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Impact of concomitant mitral regurgitation on transvalvular gradient and flow in severe aortic stenosis: a systematic ex vivo analysis of a subentity of low-flow low-gradient aortic stenosis


Katte, Felix; Franz, Marcus; Jung, Christian; Figulla, Hans R; Leistner, David; Jakob, Philipp; Stähli, Barbara E; Kretzschmar, Daniel; Lauten, Alexander (2018). Impact of concomitant mitral regurgitation on transvalvular gradient and flow in severe aortic stenosis: a systematic ex vivo analysis of a subentity of low-flow low-gradient aortic stenosis. EuroIntervention, 13(14):1635-1644.

Abstract

AIMS Evaluation of aortic stenosis (AS) is based on echocardiographic measurement of mean pressure gradient (MPG), flow velocity (Vmax) and aortic valve area (AVA). The objective of the present study was to analyse the impact of systemic haemodynamic variables and concomitant mitral regurgitation (MR) on aortic MPG, Vmax and AVA in severe AS.
METHODS AND RESULTS A pulsatile circulatory model was designed to study function and interdependence of stenotic aortic (AVA: 1.0 cm², 0.8 cm² and 0.6 cm²) and insufficient mitral prosthetic valves (n=8; effective regurgitant orifice area [EROA] <0.2 cm² vs. >0.4 cm²) using Doppler ultrasound. In the absence of severe MR, a stepwise increase of stroke volume (SV) and a decrease of AVA was associated with a proportional increase of aortic MPG. When MR with EROA <0.2 cm² vs. >0.4 cm² was introduced, forward SV decreased significantly (70.9±1.1 ml vs. 60.8±1.6 ml vs. 47.4±1.1 ml; p=0.02) while MR volume increased proportionally. This was associated with a subsequent reduction of aortic MPG (57.1±9.4 mmHg vs. 48.6±13.8 mmHg vs. 33.64±9.5 mmHg; p=0.035) and Vmax (5.09±0.4 m/s vs. 4.91±0.73 m/s vs. 3.75±0.57 m/s; p=0.007). Calculated AVA remained unchanged (without MR: AVA=0.53±0.04 cm² vs. with MR: AVA=0.52±0.05 cm²; p=ns). In the setting of severe AS without MR, changes of vascular resistance (SVR) and compliance (C) did not impact on aortic MPG (low SVR and C: 66±13.8 mmHg and 61.1±20 mmHg vs. high SVR and C: 60.9±9.2 mmHg and 71.5±13.5 mmHg; p=ns) In concomitant severe MR, aortic MPG and Vmax were not significantly reduced by increased SVR (36.6±2.2 mmHg vs. 34.9±5.6 mmHg, p=0.608; 3.89±0.18 m/s vs. 3.96±0.28 m/s; p=ns).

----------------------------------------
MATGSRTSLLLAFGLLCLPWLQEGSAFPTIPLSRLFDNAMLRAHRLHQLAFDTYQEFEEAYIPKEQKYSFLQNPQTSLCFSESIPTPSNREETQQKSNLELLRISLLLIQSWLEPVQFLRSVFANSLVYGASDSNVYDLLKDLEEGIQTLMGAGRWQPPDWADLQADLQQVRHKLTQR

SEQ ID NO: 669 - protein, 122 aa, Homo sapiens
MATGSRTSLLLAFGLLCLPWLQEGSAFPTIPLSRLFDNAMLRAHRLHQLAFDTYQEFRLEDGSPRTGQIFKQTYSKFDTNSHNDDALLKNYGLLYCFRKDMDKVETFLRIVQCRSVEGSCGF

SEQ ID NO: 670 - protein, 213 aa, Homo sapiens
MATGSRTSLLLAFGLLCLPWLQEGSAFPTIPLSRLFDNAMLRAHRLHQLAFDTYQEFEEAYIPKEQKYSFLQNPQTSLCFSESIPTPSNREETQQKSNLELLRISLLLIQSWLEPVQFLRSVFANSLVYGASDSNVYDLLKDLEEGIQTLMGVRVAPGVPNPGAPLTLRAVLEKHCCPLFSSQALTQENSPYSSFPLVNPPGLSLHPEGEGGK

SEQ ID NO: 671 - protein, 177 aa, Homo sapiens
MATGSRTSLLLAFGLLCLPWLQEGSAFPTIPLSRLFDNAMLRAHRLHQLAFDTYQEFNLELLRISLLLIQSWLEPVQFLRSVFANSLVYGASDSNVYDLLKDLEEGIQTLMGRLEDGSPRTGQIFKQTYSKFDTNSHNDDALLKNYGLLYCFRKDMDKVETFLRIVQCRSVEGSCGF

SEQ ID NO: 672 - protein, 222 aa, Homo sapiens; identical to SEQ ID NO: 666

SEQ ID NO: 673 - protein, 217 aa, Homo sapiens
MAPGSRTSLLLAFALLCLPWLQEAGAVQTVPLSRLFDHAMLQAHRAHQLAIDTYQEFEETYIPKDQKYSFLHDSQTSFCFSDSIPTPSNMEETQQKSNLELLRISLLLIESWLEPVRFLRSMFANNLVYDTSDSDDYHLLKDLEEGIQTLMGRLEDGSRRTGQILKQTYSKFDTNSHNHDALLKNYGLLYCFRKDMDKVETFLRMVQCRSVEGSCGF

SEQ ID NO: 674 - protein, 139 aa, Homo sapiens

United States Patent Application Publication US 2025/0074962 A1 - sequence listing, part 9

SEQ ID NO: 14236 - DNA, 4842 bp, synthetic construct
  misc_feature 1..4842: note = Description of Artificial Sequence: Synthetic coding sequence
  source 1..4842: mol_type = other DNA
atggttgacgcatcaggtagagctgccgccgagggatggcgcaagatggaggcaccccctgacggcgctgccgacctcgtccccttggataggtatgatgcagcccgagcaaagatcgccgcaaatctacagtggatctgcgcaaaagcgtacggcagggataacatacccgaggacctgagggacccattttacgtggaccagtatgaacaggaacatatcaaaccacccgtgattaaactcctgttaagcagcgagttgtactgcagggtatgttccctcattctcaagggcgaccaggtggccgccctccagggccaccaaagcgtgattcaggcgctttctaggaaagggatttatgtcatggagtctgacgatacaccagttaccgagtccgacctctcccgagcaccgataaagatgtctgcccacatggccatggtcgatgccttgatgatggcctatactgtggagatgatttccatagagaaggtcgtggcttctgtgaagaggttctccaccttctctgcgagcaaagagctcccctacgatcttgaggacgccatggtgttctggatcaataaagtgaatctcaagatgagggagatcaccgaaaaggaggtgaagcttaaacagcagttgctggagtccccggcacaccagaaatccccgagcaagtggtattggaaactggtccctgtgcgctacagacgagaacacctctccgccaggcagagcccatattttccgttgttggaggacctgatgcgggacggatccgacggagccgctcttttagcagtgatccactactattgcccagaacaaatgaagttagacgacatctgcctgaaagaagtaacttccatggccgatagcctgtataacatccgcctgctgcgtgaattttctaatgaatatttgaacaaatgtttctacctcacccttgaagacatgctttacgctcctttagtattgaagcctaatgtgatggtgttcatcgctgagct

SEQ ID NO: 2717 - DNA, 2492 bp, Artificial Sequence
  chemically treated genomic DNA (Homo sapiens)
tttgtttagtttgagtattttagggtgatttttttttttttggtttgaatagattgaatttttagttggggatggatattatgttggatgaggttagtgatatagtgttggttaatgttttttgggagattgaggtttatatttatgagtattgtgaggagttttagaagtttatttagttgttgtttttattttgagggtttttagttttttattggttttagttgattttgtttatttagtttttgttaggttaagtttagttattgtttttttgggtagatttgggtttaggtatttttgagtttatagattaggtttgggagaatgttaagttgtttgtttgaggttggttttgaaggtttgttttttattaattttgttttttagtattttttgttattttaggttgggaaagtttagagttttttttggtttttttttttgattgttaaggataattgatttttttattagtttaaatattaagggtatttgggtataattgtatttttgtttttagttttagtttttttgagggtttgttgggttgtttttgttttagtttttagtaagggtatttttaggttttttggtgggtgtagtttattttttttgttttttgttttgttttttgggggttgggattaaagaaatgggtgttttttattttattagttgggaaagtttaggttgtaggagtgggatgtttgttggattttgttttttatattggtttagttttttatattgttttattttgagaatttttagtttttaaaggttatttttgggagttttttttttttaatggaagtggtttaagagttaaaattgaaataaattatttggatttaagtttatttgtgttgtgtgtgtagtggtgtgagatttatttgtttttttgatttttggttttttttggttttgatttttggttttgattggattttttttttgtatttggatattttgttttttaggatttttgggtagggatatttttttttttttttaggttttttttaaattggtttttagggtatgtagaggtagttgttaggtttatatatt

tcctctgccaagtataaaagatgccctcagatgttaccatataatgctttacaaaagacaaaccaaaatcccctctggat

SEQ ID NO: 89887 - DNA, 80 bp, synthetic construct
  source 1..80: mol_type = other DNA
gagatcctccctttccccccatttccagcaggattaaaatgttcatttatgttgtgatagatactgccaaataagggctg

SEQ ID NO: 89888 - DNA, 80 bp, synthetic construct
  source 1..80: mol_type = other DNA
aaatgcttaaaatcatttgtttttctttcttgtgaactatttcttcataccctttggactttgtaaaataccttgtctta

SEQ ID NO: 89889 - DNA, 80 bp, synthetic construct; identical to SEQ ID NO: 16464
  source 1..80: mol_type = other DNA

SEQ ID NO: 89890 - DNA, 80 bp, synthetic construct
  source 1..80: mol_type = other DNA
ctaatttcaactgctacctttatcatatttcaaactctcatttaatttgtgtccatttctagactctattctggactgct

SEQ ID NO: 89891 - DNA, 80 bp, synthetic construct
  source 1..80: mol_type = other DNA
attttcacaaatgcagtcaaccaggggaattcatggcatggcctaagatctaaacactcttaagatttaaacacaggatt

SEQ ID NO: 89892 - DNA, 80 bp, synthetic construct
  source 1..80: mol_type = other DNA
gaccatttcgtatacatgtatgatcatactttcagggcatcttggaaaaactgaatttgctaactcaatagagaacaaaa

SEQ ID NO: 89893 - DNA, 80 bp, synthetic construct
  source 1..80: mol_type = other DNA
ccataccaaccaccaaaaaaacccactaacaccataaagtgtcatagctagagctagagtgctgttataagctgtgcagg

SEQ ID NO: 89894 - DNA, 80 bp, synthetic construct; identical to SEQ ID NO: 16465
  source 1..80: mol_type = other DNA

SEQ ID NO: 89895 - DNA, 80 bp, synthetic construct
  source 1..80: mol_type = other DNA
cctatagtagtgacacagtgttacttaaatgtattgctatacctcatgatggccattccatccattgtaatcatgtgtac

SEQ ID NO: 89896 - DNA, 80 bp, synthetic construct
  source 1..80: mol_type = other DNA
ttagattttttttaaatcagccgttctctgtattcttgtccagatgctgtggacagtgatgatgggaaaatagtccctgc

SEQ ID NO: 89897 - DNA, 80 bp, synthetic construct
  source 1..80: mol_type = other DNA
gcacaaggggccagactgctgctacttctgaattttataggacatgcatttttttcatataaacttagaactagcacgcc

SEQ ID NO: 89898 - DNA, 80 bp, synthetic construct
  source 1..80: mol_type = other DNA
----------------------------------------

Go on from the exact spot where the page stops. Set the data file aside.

CONCLUSIONS Systemic haemodynamic variables and concomitant MR may potentially affect diagnostic accuracy of echocardiographic AS evaluation. As demonstrated in the present study, MPG and Vmax are flow-dependent and significantly reduced by a reduction of forward SV from concomitant severe MR, resulting in another entity of low-flow low-gradient aortic stenosis. In contrast, calculated AVA appears to be a robust parameter of AS evaluation if severe MR is present. Changes of SVR and C did not affect the diagnostic accuracy of AS evaluation.

Abstract

AIMS Evaluation of aortic stenosis (AS) is based on echocardiographic measurement of mean pressure gradient (MPG), flow velocity (Vmax) and aortic valve area (AVA). The objective of the present study was to analyse the impact of systemic haemodynamic variables and concomitant mitral regurgitation (MR) on aortic MPG, Vmax and AVA in severe AS.
METHODS AND RESULTS A pulsatile circulatory model was designed to study function and interdependence of stenotic aortic (AVA: 1.0 cm², 0.8 cm² and 0.6 cm²) and insufficient mitral prosthetic valves (n=8; effective regurgitant orifice area [EROA] <0.2 cm² vs. >0.4 cm²) using Doppler ultrasound. In the absence of severe MR, a stepwise increase of stroke volume (SV) and a decrease of AVA was associated with a proportional increase of aortic MPG. When MR with EROA <0.2 cm² vs. >0.4 cm² was introduced, forward SV decreased significantly (70.9±1.1 ml vs. 60.8±1.6 ml vs. 47.4±1.1 ml; p=0.02) while MR volume increased proportionally. This was associated with a subsequent reduction of aortic MPG (57.1±9.4 mmHg vs. 48.6±13.8 mmHg vs. 33.64±9.5 mmHg; p=0.035) and Vmax (5.09±0.4 m/s vs. 4.91±0.73 m/s vs. 3.75±0.57 m/s; p=0.007). Calculated AVA remained unchanged (without MR: AVA=0.53±0.04 cm² vs. with MR: AVA=0.52±0.05 cm²; p=ns). In the setting of severe AS without MR, changes of vascular resistance (SVR) and compliance (C) did not impact on aortic MPG (low SVR and C: 66±13.8 mmHg and 61.1±20 mmHg vs. high SVR and C: 60.9±9.2 mmHg and 71.5±13.5 mmHg; p=ns) In concomitant severe MR, aortic MPG and Vmax were not significantly reduced by increased SVR (36.6±2.2 mmHg vs. 34.9±5.6 mmHg, p=0.608; 3.89±0.18 m/s vs. 3.96±0.28 m/s; p=ns).
CONCLUSIONS Systemic haemodynamic variables and concomitant MR may potentially affect diagnostic accuracy of echocardiographic AS evaluation. As demonstrated in the present study, MPG and Vmax are flow-dependent and significantly reduced by a reduction of forward SV from concomitant severe MR, resulting in another entity of low-flow low-gradient aortic stenosis. In contrast, calculated AVA appears to be a robust parameter of AS evaluation if severe MR is present. Changes of SVR and C did not affect the diagnostic accuracy of AS evaluation.

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Additional indexing

Item Type:Journal Article, refereed, original work
Communities & Collections:04 Faculty of Medicine > University Hospital Zurich > Clinic for Cardiology
Dewey Decimal Classification:610 Medicine & health
Language:English
Date:20 February 2018
Deposited On:01 Mar 2019 08:49
Last Modified:25 Sep 2019 00:21
Publisher:Europa Digital and Publishing
ISSN:1774-024X
OA Status:Closed
Free access at:Publisher DOI. An embargo period may apply.
Publisher DOI:https://doi.org/10.4244/EIJ-D-17-00476
PubMed ID:28994654

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